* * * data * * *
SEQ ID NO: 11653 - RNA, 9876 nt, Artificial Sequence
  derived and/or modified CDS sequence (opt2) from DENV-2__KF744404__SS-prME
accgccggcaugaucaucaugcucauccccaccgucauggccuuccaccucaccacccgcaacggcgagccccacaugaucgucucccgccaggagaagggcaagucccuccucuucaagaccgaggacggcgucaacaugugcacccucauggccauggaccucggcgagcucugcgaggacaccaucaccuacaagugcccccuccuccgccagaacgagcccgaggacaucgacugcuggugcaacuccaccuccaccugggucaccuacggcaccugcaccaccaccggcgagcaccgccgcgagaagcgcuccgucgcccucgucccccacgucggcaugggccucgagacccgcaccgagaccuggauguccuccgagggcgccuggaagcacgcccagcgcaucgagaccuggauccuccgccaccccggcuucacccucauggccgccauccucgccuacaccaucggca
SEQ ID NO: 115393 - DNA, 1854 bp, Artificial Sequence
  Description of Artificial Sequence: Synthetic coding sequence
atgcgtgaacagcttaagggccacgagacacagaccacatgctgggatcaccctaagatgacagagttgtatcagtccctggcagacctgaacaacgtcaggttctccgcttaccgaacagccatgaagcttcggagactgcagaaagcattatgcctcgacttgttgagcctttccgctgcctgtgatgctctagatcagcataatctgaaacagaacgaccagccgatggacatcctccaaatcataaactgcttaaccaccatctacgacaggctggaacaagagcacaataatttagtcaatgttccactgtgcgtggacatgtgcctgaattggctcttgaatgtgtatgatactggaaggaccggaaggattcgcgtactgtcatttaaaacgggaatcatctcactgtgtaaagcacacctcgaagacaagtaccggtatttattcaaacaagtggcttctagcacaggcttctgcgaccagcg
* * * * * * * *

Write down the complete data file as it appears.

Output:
SEQ ID NO: 11653 - RNA, 9876 nt, Artificial Sequence
  derived and/or modified CDS sequence (opt2) from DENV-2__KF744404__SS-prME
accgccggcaugaucaucaugcucauccccaccgucauggccuuccaccucaccacccgcaacggcgagccccacaugaucgucucccgccaggagaagggcaagucccuccucuucaagaccgaggacggcgucaacaugugcacccucauggccauggaccucggcgagcucugcgaggacaccaucaccuacaagugcccccuccuccgccagaacgagcccgaggacaucgacugcuggugcaacuccaccuccaccugggucaccuacggcaccugcaccaccaccggcgagcaccgccgcgagaagcgcuccgucgcccucgucccccacgucggcaugggccucgagacccgcaccgagaccuggauguccuccgagggcgccuggaagcacgcccagcgcaucgagaccuggauccuccgccaccccggcuucacccucauggccgccauccucgccuacaccaucggca
SEQ ID NO: 115393 - DNA, 1854 bp, Artificial Sequence
  Description of Artificial Sequence: Synthetic coding sequence
atgcgtgaacagcttaagggccacgagacacagaccacatgctgggatcaccctaagatgacagagttgtatcagtccctggcagacctgaacaacgtcaggttctccgcttaccgaacagccatgaagcttcggagactgcagaaagcattatgcctcgacttgttgagcctttccgctgcctgtgatgctctagatcagcataatctgaaacagaacgaccagccgatggacatcctccaaatcataaactgcttaaccaccatctacgacaggctggaacaagagcacaataatttagtcaatgttccactgtgcgtggacatgtgcctgaattggctcttgaatgtgtatgatactggaaggaccggaaggattcgcgtactgtcatttaaaacgggaatcatctcactgtgtaaagcacacctcgaagacaagtaccggtatttattcaaacaagtggcttctagcacaggcttctgcgaccagcg